Westbrook’s Kelson Custodio drives past Gorham defenders Ashton Leclerc, left, and Caden Smith during a scrimmage on Tuesday. Westbrook figures to be a deep team with good size that is confident it can improve on last season’s 7-12 record. Shawn Patrick Ouellette/Staff Photographer

Standout players are gone and middle-of-the-pack teams have improved. What does that add up to for the 2022-23 boys’ basketball season in Maine?

More competitive balance and, possibly, less predictability come tournament time.

Take Class A, for example. Last season, the arrival of freshmen Cooper and Ace Flagg made Nokomis the clear preseason favorite in the north. In the south, high-scoring senior guards Brady Coyne and Jack Stowell and a strong supporting cast made Falmouth everybody’s No. 1. As it turned out, Falmouth didn’t lose to a Class A opponent until the state final against Nokomis.

South Portland was the pick in Class AA South because of 6-foot-10 JP Estrella, who had become a major NCAA Division I recruit. The Red Riots rolled to their first state championship in 30 years.

In Class B South, Yarmouth was pegged as the team to beat because of its cohesiveness and the playmaking of Peter Psyhogeos. Yarmouth won the state title, sticking together when trailing Ellsworth by 10 points with 3:19 to play in the championship game. Psyhogeos scored 27 points.

This season, it’s a different story.


Yes, top programs like Falmouth and South Portland will still be competitive. But there are no clear favorites. Falmouth’s top guards graduated. So did Psyhogeos at Yarmouth, which has a first-year coach. Estrella, who grew an inch, committed to the University of Tennessee and is playing his senior season at Brewster Academy in Wolfeboro, New Hampshire. The Flaggs are in Florida, playing for national prep power Montverde Academy.

“There aren’t any JPs and Coopers, so it balances the scales if you will,” said South Portland Coach Kevin Millington.

Richie Ashley guided Cheverus to its first regional semifinal in 10 years in his first season as the varsity boys’ coach. It was a solid achievement for coach and players. But Ashley also knew that was about as far as the youthful Stags could go.

“Last year, it was already written almost,” Ashley said. “You were going to have Oxford Hills and (Edward Little) playing in the North finals and you were going to have South Portland in the South. You knew they were the true favorites and the other teams were nipping at the heels.”

It’s not just who’s gone that has leveled the competitive balance. Several teams appear primed for significant improvement.

In Class AA South, Gorham brings back a strong shooting core, including junior Ashton Leclerc, who averaged 17.9 points in a breakout season.


“I think that we have learned to work together in practice better. We’re more connected. If we work together on defense and get each other open shots, we should be good,” Leclerc said.

“Gorham’s tremendous. Every bit as good as we are,” Millington said.

Bonny Eagle and Thornton – good teams last year – bring back two of the top players in the league in Elliot Bouchard and William Davies, respectively, and are definite high-end contenders. After a tough four-win season, Scarborough will be stronger.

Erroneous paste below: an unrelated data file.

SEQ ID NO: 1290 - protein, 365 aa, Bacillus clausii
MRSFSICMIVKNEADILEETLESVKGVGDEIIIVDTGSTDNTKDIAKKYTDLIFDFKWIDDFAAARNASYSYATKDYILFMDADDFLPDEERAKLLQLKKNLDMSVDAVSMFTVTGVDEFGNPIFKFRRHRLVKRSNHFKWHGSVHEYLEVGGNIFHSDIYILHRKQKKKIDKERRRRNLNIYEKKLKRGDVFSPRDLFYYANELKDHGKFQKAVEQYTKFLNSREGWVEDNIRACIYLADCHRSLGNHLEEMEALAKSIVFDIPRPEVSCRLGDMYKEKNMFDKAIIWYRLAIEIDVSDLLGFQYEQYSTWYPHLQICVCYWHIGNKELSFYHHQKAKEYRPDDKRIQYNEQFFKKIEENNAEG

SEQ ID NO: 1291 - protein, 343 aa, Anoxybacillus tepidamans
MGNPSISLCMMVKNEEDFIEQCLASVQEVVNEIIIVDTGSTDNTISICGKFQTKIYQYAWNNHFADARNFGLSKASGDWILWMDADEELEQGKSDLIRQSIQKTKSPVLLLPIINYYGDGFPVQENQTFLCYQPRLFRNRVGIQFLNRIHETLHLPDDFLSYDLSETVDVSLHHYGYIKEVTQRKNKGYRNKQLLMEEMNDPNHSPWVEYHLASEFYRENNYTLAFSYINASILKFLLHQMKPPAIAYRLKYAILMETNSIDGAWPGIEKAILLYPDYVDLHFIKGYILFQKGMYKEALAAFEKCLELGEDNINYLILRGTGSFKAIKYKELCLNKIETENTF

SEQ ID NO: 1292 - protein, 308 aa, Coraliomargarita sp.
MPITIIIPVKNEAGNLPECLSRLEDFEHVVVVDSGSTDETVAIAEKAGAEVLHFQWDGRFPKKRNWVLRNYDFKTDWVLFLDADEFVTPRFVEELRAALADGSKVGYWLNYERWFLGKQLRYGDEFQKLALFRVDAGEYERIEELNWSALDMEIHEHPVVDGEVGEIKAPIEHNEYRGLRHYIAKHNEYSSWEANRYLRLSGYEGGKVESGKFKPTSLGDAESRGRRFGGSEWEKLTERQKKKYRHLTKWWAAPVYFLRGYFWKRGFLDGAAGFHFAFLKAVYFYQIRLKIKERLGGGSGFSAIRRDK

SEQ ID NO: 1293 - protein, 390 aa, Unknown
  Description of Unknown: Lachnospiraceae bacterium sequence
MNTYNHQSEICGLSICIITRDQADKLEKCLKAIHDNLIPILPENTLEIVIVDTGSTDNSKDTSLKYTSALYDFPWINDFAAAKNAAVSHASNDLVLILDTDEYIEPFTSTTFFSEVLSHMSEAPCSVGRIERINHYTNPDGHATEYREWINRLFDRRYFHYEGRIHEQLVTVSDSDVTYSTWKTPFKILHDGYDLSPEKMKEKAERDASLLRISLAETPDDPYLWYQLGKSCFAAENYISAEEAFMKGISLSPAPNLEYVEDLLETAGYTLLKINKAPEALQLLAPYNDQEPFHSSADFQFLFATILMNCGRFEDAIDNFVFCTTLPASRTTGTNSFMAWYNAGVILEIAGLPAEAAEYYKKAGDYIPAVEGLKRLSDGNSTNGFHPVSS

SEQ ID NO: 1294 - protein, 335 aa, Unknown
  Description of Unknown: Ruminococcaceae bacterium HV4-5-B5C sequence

Westbrook’s Aiden Taylor tries to shoot as Gorham’s Quinn Dillon, left, and Caden Smith play defense during a scrimmage on Tuesday. Kevin Millington, coach of defending Class AA champion South Portland, says: “Gorham’s tremendous. Every bit as good as we are.” Shawn Patrick Ouellette/Staff Photographer

“I think our league this year is going to be extremely competitive,” said Scarborough Coach Phil Conley. “To have a challenge each and every night, I just think it makes for an interesting league.”

In the North, Oxford Hills is a clear favorite but not unbeatable, said Portland Coach Joe Russo.

“And the rest of us, teams two through nine, you could just toss it in the air and not know who will beat who,” Russo said.


In Class A South, Gray-New Gloucester has five key players back from a 10-win team. Westbrook has impressed over the summer and fall sessions, and the Blue Blazes are approaching this season intent on going from a 7-12 team to a true contender.

“I think with definitely a bunch of teams in our class losing a lot of seniors who were crucial to their teams and we’re having returning juniors, I think we’re going to do at least bare minimum (make the) playoffs,” said Westbrook junior forward Aiden Taylor. “I think we’re going to go deep playoffs this year.”

As Taylor hinted, with the return to the standard format of having two-thirds of a division’s team qualify for the playoffs, as opposed to last year’s open tournaments, the competition will extend down the standings.

The 15-team Class B South has teams from the Western Maine, Kennebec Valley and Mountain Valley conferences.

“I tell you what, it will definitely be competitive and each game will be worth watching,” said first-year Yarmouth Coach Ilunga Mutombo, a Clippers assistant the past two seasons. “Having won last year, everyone will give us their best shot. Us losing seven seniors doesn’t matter to anybody.”

This year, Mountain Valley Conference schools have been allowed to schedule nonconference opponents. That should help the league’s Class B schools be better prepared for the tournament. Spruce Mountain of the MVC went 17-0 last season, earned the No. 1 seed, and lost to No. 8 Maranacook of the KVAC in the quarterfinals.

Look for Oceanside to be a contender from the KVAC, while WMC teams Wells, Yarmouth, York and Cape Elizabeth will play a bunch of games against Class A teams.

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